Photographic portrait of Rebekah StillingMy research project is in the early stages of development focusing on the ecology of high-elevation lakes and exploring the role that stocked trout play in lake ecosystems. Broadly, my interests are in the freshwater realm and exploring watershed function; I am particularly interested in the intersection of physical processes and biological communities. Historically I have focused more on river hydrology and community ecology. Here in the Holtgrieve Lab I am excited about growing my skills and knowledge to include the use of biogeochemical tracers to understand the flow of nutrients and energy through ecological communities. I am co-advised by Julian Olden.

Julia Hart – Laboratory Technician

Photographic portrait of Julia HartI am interested in nutrient cycling, carbon dynamics, and greenhouse gas production in freshwater ecosystems. I have been lucky enough to work in lakes and wetlands across Wisconsin, the Upper Peninsula of Michigan, and the Copper River Delta in Cordova, Alaska. I completed my Masters in Limnology at the University of Wisconsin-Madison, where I studied carbon cycling and methane gas production in a eutrophic lake. In the Holtgrieve Lab, I can usually be found extracting fatty acids from fish tissue, troubleshooting a gas chromatograph, or dreaming up new ways to communicate aquatic research to scientists and non-scientists alike.

Hyejoo Ro – SAFS undergraduate

Photographic portrait of Hyejoo RoI am an undergraduate student in SAFS. I joined the Holtgrieve lab with interests in food web dynamics and the use of stable isotopes to help determine these kinds of interactions. The current project I am working on looks into the fatty acid signatures of microbial communities in soil. Identifying major groups of microbe communities will give insight to how nitrogen is getting used and converted through the ecosystem. This study will hopefully supplement a broader scale study looking into marine derived nutrients to freshwater and terrestrial systems.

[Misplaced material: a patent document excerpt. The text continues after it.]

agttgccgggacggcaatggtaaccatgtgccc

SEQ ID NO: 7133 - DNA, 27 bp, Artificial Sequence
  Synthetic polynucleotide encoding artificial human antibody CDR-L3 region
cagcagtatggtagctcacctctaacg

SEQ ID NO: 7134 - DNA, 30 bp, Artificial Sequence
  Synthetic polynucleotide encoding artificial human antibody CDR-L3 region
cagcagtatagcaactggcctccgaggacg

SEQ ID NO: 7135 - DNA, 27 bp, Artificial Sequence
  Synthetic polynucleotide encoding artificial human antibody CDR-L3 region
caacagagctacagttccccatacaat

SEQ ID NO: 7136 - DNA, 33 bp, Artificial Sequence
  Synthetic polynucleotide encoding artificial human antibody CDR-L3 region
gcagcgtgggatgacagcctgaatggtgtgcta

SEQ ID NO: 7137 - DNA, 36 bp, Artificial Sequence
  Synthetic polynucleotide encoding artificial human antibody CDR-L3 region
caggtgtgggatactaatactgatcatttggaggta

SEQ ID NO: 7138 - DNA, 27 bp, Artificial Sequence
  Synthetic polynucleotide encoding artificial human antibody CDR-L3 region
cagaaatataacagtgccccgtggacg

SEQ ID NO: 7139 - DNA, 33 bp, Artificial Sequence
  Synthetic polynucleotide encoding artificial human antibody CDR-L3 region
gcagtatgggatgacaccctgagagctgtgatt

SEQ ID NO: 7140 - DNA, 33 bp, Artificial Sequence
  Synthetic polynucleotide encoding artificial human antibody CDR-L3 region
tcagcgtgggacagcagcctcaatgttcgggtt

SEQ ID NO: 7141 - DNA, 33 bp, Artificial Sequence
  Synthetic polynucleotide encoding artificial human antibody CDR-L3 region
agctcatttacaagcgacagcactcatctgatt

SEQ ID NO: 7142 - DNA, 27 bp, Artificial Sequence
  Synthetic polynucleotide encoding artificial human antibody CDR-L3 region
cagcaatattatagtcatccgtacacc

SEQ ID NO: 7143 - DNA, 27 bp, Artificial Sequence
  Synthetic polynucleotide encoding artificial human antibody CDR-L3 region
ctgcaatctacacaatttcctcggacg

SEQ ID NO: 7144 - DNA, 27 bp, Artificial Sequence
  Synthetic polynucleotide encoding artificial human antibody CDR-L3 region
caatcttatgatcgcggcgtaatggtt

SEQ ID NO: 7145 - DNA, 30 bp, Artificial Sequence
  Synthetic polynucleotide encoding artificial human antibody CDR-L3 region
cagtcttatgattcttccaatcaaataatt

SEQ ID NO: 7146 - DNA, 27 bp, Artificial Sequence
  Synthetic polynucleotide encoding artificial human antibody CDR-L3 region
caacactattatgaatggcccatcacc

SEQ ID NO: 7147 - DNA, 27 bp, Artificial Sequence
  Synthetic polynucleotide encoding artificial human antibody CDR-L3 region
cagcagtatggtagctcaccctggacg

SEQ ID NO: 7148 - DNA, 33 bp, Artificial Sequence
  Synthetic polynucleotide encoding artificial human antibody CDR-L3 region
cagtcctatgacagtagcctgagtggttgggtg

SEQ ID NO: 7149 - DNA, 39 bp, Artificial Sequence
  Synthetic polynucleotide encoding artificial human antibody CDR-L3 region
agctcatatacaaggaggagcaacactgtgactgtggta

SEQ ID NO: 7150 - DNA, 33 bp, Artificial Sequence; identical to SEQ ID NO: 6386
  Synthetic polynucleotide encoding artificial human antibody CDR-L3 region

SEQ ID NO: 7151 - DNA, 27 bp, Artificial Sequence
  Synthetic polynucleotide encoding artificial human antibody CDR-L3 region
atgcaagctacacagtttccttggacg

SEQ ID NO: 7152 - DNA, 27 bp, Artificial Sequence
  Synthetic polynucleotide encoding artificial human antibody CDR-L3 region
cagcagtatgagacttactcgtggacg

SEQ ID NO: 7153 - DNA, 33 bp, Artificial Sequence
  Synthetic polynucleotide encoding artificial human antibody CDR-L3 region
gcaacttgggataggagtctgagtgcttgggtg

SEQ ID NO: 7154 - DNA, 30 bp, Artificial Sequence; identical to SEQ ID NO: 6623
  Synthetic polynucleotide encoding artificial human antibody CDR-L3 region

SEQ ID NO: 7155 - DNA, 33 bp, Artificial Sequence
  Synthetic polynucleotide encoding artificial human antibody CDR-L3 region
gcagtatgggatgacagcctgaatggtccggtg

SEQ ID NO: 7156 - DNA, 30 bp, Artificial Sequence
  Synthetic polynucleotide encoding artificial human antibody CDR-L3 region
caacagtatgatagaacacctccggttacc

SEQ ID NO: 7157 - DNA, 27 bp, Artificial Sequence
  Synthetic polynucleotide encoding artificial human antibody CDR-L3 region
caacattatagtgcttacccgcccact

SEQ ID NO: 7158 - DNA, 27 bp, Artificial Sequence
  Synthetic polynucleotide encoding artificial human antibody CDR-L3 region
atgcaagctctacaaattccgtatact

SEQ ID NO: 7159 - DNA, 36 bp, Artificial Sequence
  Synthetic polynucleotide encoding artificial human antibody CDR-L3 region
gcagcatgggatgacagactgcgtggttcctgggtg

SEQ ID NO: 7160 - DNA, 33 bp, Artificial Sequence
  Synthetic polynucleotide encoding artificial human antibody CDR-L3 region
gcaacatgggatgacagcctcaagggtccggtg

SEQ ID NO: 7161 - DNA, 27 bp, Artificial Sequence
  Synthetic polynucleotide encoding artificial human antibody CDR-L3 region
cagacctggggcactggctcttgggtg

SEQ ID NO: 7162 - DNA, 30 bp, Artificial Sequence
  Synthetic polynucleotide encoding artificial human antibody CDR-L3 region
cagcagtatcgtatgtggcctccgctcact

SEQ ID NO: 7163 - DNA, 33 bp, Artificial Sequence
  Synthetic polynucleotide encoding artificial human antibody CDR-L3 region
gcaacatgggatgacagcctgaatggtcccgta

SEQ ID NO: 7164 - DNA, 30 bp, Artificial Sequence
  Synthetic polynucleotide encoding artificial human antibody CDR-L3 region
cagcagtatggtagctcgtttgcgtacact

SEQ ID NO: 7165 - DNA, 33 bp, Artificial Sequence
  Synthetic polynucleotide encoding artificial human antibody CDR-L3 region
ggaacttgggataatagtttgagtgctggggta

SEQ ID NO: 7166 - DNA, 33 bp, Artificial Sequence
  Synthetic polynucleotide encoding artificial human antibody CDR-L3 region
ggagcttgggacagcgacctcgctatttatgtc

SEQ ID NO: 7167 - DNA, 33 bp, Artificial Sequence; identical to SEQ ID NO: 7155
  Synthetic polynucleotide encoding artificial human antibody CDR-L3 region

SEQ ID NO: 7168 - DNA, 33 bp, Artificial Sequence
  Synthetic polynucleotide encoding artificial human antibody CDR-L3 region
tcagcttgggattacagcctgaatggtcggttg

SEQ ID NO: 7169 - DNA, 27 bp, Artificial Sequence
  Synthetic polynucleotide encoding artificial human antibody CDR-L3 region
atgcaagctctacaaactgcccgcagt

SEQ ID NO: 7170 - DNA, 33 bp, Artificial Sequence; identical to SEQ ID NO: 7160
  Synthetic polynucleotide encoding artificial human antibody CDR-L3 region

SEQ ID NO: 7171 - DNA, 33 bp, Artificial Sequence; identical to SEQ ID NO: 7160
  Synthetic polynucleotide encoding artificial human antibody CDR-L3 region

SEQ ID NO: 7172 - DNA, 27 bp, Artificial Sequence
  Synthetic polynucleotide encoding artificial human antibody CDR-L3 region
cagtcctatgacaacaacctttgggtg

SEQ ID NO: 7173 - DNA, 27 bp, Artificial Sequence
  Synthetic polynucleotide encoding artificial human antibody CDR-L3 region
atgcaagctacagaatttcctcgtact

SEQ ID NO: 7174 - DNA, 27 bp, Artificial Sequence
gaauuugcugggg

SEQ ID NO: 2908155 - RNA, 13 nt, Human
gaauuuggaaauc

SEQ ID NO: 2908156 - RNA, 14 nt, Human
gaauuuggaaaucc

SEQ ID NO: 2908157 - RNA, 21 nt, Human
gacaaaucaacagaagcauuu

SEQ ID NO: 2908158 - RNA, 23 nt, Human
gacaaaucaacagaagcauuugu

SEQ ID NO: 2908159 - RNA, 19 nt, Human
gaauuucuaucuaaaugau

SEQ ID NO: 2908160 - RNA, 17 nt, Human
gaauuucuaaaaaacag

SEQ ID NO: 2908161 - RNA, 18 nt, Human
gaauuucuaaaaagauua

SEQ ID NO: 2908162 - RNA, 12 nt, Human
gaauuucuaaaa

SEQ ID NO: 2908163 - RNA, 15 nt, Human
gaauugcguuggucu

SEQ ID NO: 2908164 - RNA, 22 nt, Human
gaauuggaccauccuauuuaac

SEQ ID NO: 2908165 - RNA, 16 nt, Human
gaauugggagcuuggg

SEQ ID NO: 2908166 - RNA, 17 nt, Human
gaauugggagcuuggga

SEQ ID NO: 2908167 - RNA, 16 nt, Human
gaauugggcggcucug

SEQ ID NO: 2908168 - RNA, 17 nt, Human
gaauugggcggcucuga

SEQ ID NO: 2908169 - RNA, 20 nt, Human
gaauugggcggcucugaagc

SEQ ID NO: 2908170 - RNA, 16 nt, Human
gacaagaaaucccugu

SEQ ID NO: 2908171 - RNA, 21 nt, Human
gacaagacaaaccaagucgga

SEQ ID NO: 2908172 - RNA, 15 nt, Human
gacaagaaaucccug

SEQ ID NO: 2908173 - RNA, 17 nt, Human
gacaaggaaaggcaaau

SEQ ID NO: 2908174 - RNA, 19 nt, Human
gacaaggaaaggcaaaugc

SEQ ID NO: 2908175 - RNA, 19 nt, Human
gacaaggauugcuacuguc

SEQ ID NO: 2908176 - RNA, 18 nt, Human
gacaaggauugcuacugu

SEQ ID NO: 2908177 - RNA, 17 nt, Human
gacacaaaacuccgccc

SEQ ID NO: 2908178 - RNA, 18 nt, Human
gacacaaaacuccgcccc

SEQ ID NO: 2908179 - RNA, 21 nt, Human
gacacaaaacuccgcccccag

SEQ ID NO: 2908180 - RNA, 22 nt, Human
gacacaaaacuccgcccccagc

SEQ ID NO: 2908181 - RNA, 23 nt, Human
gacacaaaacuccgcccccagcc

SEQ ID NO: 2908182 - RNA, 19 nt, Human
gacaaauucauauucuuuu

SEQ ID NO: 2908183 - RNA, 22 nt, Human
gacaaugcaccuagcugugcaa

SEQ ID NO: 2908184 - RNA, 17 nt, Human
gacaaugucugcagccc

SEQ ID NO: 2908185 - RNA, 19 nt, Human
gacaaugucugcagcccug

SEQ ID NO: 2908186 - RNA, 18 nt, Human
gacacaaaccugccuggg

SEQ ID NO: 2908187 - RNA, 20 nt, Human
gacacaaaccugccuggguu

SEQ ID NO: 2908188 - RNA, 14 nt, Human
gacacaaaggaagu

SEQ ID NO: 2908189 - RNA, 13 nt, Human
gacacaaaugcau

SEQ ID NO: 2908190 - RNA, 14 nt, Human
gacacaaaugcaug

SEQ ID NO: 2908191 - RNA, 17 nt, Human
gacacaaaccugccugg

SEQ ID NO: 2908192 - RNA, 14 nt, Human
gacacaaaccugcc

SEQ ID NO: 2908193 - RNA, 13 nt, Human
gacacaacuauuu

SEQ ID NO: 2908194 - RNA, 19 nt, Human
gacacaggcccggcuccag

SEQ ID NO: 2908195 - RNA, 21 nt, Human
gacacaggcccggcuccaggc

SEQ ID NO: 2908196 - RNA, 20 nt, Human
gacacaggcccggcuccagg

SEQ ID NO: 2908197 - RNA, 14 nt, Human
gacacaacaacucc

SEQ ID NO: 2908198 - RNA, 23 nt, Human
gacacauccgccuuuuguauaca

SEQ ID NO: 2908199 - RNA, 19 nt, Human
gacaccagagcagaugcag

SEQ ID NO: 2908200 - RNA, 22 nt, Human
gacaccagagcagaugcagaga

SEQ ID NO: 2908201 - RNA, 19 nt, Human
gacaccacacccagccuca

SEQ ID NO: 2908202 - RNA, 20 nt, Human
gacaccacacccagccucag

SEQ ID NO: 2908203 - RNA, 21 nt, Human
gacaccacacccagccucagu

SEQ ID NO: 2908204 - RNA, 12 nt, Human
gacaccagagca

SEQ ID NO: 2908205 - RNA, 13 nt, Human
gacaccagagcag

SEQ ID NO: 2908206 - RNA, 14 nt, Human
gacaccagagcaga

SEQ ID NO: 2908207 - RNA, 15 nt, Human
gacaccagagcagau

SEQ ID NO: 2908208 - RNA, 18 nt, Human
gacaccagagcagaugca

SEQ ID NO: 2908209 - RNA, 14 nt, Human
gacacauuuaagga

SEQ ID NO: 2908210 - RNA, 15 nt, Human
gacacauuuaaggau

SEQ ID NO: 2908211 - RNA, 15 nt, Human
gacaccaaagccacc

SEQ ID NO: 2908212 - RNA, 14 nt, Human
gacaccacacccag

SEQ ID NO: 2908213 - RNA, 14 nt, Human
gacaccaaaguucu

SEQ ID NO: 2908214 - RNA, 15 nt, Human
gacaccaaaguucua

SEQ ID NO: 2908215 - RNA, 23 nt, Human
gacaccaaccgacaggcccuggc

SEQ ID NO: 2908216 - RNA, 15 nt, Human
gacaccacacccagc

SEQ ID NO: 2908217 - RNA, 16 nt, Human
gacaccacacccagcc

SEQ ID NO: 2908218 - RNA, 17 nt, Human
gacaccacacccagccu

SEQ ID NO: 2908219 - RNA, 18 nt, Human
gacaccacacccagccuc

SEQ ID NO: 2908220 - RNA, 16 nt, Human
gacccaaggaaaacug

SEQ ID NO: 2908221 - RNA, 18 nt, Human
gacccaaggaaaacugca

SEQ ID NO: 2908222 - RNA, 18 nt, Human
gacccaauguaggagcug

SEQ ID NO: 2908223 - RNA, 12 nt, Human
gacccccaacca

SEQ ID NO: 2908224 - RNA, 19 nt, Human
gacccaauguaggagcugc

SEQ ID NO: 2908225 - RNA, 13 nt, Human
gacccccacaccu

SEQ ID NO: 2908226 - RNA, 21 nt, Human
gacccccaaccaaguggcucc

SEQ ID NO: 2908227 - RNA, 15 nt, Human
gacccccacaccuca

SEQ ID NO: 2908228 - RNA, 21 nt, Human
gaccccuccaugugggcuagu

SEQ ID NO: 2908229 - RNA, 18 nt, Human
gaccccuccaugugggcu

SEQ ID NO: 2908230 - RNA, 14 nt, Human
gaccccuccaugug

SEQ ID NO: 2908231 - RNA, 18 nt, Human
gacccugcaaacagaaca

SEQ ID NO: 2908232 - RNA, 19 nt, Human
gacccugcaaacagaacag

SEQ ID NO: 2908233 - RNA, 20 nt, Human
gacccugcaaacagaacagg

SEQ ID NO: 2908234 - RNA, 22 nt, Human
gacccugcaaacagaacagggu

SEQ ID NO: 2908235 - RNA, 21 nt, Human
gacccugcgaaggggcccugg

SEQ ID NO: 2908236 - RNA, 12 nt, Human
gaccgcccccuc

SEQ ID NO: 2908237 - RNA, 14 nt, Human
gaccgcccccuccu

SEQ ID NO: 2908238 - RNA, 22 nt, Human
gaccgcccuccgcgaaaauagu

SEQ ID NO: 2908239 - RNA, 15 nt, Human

Nick Ulacia – SAFS undergraduate

Photographic portrait of Nick UlaciaI am interested in food web ecology of freshwaters. Through the collection of water samples and trout specimens from alpine lakes throughout the Pacific Northwest, I am creating a primary assessment of food chain length in these understudied lakes using amino acid stable isotope analysis. I hope to determine whether or not there is a significant difference between fish populations on the West and East slopes of the Cascade mountain range. In addition, we plan to test for the effects of industrial pollution in these “pristine” lake systems.


Lab Alumni

Sydney Clark

Photographic portrait of Sydney ClarkAs our first lab member Sydney will always be HEEL royalty. During her time at UW she worked on everything from salmon ecology in Alaska to nitrate isotopes in Puget Sound rivers. She also plays a mean uke. Sydney is now pursuing a Ph.D. at Brown University with Meredith Hastings.

Jordan Lee – B.S. 2015

Photographic portrait of Jordan LeeI graduated from SAFS in 2015. For my capstone project I studied lipid metabolism in Alaskan sockeye salmon. Generally speaking, my research examined how partitioning of fatty acid energy reserves translates to overall survival and reproductive success. I used fatty acid composition data to characterize changes in sockeye salmon lipids as they migrate to natal streams for reproduction.

Rachel Steinmetz

Photographic portrait of Rachel SteinmetzRachel is an undergraduate student majoring in Biology and minoring in Spanish. For almost two years she was a lab assistant in the Holtgrieve Lab and widely known as “The Rock” (resemblance is obvious). In 2014, she helped with field research in Olympic National Park and worked on a project using stable nitrogen isotopes from Cambodia fishes. While interested in conservation ecology in the Pacific Northwest, she has decided to focus her research on physiology.

Mike Vlah – M.Sc. 2017

Photographic portrait of Mike VlahI am interested in the ways in which nutrients and energy move through food webs, including those that are not obviously connected. My work seeks to quantify linkages that are known, identify those that are unknown, and determine the environmental conditions that govern food web dynamics. I use primarily elemental and compound-specific isotope analyses in my experimental approaches, but I believe a solid foundational knowledge of natural history is essential to good ecological work, and I strive continually to build my own. Spirit animal: Black lab